• A business profile may be associated with one or more employee profile(s). A tagging engine 122 may provide the processor 112 with logic to process requests from the customer devices 104 by sending notification(s) and updating the employee profile(s).
  • An analytics engine 124 may provide the processor 112 with logic to permit business devices 102 to view business intelligence information derived from transactions (e.g., messages from the customer devices 104, including messages tagged with employee profile(s)). The analytics engine 124 allows messages from customers and employee performance to be appreciated and proactively managed, acting as a performance management tool.
  • The functioning of the processor 112 may also be determined by a reward engine (not shown). In one example, a customer profile 116 may include a points balance. Upon receipt or detection of a message from a customer device 104 (associated with a customer profile 116) to a business device 102 (associated with a business profile 118), the reward engine may update the customer profile 116 by updating a points balance (e.g., to provide the customer with immediate gratification for having sent the message).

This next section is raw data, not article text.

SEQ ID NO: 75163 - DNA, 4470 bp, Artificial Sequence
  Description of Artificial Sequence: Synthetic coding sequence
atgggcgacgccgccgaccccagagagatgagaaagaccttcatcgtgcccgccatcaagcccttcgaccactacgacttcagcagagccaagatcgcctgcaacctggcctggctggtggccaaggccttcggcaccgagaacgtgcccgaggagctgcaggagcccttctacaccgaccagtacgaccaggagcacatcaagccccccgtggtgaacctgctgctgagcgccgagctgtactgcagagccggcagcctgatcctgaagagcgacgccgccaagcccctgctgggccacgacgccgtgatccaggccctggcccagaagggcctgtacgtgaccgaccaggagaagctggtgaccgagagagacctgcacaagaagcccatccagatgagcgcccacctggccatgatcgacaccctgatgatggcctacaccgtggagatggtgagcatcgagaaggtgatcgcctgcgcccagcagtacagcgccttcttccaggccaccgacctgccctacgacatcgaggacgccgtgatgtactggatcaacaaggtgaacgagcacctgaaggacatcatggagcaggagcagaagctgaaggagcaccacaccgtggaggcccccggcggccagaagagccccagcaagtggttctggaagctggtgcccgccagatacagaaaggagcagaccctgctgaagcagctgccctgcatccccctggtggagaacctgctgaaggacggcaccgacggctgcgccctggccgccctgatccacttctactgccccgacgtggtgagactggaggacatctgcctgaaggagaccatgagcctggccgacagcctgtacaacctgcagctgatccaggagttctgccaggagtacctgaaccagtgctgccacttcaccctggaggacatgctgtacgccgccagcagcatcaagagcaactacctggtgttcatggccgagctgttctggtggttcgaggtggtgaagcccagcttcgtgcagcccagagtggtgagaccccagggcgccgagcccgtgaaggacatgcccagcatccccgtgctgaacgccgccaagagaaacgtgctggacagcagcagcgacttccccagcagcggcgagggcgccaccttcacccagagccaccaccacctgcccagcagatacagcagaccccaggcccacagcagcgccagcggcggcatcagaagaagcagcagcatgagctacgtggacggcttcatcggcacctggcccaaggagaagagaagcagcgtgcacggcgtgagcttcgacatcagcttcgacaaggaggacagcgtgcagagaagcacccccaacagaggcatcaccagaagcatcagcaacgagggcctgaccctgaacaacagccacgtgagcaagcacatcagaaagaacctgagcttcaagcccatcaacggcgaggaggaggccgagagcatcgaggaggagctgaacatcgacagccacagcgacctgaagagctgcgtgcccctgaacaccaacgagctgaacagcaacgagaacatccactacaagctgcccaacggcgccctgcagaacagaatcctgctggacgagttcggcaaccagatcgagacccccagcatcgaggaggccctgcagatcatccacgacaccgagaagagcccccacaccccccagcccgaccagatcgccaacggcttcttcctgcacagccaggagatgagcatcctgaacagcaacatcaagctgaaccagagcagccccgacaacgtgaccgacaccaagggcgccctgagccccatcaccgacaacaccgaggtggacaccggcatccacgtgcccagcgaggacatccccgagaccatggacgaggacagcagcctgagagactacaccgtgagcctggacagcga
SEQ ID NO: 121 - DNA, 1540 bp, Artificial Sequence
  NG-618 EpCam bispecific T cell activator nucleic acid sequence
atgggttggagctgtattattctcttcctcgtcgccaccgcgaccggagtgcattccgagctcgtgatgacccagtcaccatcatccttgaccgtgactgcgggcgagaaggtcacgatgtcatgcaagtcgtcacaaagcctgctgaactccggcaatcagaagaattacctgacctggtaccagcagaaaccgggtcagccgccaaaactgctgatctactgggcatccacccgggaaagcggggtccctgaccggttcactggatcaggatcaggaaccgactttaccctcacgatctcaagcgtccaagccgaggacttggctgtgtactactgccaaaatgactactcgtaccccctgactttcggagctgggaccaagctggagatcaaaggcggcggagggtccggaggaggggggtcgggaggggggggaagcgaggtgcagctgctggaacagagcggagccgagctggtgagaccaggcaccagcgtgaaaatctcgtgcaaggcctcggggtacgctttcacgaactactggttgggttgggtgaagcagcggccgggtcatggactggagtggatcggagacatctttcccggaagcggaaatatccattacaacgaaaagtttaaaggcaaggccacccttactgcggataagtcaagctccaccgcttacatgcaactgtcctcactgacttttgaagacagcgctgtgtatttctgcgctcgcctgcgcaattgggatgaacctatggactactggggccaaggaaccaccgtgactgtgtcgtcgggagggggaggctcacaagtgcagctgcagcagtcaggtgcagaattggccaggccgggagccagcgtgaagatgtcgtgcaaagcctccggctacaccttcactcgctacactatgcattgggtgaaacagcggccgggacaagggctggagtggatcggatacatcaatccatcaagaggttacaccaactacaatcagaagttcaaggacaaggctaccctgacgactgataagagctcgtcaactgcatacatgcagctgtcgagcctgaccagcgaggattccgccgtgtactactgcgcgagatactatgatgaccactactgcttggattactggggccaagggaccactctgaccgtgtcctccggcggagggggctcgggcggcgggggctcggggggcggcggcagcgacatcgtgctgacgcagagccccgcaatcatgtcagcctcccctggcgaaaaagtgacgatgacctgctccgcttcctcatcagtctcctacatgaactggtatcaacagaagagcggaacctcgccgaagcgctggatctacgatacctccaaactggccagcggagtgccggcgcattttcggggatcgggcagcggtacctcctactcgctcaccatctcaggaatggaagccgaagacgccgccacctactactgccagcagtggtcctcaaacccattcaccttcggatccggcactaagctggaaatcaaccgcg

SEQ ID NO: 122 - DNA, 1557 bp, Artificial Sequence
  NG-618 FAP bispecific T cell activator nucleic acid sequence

• In another example, an employee profile 120 may include a points balance. Upon receipt or detection of a tag from a customer device 104 (associated with a customer profile 116) of an employee device 106 (associated with an employee profile 120), the reward engine may update the employee profile 120 by updating a points balance (e.g., to provide the employee with a reward for having been tagged).